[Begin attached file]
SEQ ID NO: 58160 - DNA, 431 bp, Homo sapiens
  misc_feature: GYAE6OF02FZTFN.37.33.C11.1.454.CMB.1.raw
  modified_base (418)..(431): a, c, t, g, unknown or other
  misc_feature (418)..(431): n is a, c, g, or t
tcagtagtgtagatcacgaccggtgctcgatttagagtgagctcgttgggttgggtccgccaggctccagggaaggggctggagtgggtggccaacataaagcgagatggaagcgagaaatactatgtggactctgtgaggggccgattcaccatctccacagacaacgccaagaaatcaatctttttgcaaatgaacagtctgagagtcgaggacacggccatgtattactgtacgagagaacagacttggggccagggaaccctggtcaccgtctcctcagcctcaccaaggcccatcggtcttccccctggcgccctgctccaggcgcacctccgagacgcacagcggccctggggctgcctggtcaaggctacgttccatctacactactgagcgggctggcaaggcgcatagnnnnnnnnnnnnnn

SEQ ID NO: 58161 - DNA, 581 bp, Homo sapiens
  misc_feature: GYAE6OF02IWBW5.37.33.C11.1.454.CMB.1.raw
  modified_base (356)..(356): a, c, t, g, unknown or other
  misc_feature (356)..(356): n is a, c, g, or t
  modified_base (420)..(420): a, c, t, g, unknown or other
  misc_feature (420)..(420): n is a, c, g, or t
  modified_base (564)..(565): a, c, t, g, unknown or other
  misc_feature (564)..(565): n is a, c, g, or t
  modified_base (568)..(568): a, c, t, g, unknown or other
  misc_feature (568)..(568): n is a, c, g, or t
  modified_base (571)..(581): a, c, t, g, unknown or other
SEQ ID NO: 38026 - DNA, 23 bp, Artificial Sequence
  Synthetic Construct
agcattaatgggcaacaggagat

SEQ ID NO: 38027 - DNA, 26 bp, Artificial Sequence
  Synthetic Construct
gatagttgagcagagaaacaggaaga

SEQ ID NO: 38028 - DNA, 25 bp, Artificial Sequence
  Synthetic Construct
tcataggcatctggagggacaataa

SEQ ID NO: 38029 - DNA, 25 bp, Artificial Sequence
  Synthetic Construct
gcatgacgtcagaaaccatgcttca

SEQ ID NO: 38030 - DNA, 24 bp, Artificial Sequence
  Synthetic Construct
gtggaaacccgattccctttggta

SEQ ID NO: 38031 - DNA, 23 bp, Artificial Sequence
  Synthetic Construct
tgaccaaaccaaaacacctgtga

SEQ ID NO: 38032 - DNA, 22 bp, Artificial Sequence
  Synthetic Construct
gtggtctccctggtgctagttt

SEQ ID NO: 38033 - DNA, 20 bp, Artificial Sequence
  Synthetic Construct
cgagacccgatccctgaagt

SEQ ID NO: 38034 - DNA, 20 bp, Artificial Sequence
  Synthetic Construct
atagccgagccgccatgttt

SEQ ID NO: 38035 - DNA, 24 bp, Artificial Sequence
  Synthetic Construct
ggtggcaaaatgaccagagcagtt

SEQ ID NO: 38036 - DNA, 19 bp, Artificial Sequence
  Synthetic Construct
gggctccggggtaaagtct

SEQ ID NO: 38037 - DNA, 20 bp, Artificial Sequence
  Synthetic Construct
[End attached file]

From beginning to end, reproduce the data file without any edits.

SEQ ID NO: 58160 - DNA, 431 bp, Homo sapiens
  misc_feature: GYAE6OF02FZTFN.37.33.C11.1.454.CMB.1.raw
  modified_base (418)..(431): a, c, t, g, unknown or other
  misc_feature (418)..(431): n is a, c, g, or t
tcagtagtgtagatcacgaccggtgctcgatttagagtgagctcgttgggttgggtccgccaggctccagggaaggggctggagtgggtggccaacataaagcgagatggaagcgagaaatactatgtggactctgtgaggggccgattcaccatctccacagacaacgccaagaaatcaatctttttgcaaatgaacagtctgagagtcgaggacacggccatgtattactgtacgagagaacagacttggggccagggaaccctggtcaccgtctcctcagcctcaccaaggcccatcggtcttccccctggcgccctgctccaggcgcacctccgagacgcacagcggccctggggctgcctggtcaaggctacgttccatctacactactgagcgggctggcaaggcgcatagnnnnnnnnnnnnnn

SEQ ID NO: 58161 - DNA, 581 bp, Homo sapiens
  misc_feature: GYAE6OF02IWBW5.37.33.C11.1.454.CMB.1.raw
  modified_base (356)..(356): a, c, t, g, unknown or other
  misc_feature (356)..(356): n is a, c, g, or t
  modified_base (420)..(420): a, c, t, g, unknown or other
  misc_feature (420)..(420): n is a, c, g, or t
  modified_base (564)..(565): a, c, t, g, unknown or other
  misc_feature (564)..(565): n is a, c, g, or t
  modified_base (568)..(568): a, c, t, g, unknown or other
  misc_feature (568)..(568): n is a, c, g, or t
  modified_base (571)..(581): a, c, t, g, unknown or other
SEQ ID NO: 38026 - DNA, 23 bp, Artificial Sequence
  Synthetic Construct
agcattaatgggcaacaggagat

SEQ ID NO: 38027 - DNA, 26 bp, Artificial Sequence
  Synthetic Construct
gatagttgagcagagaaacaggaaga

SEQ ID NO: 38028 - DNA, 25 bp, Artificial Sequence
  Synthetic Construct
tcataggcatctggagggacaataa

SEQ ID NO: 38029 - DNA, 25 bp, Artificial Sequence
  Synthetic Construct
gcatgacgtcagaaaccatgcttca

SEQ ID NO: 38030 - DNA, 24 bp, Artificial Sequence
  Synthetic Construct
gtggaaacccgattccctttggta

SEQ ID NO: 38031 - DNA, 23 bp, Artificial Sequence
  Synthetic Construct
tgaccaaaccaaaacacctgtga

SEQ ID NO: 38032 - DNA, 22 bp, Artificial Sequence
  Synthetic Construct
gtggtctccctggtgctagttt

SEQ ID NO: 38033 - DNA, 20 bp, Artificial Sequence
  Synthetic Construct
cgagacccgatccctgaagt

SEQ ID NO: 38034 - DNA, 20 bp, Artificial Sequence
  Synthetic Construct
atagccgagccgccatgttt

SEQ ID NO: 38035 - DNA, 24 bp, Artificial Sequence
  Synthetic Construct
ggtggcaaaatgaccagagcagtt

SEQ ID NO: 38036 - DNA, 19 bp, Artificial Sequence
  Synthetic Construct
gggctccggggtaaagtct

SEQ ID NO: 38037 - DNA, 20 bp, Artificial Sequence
  Synthetic Construct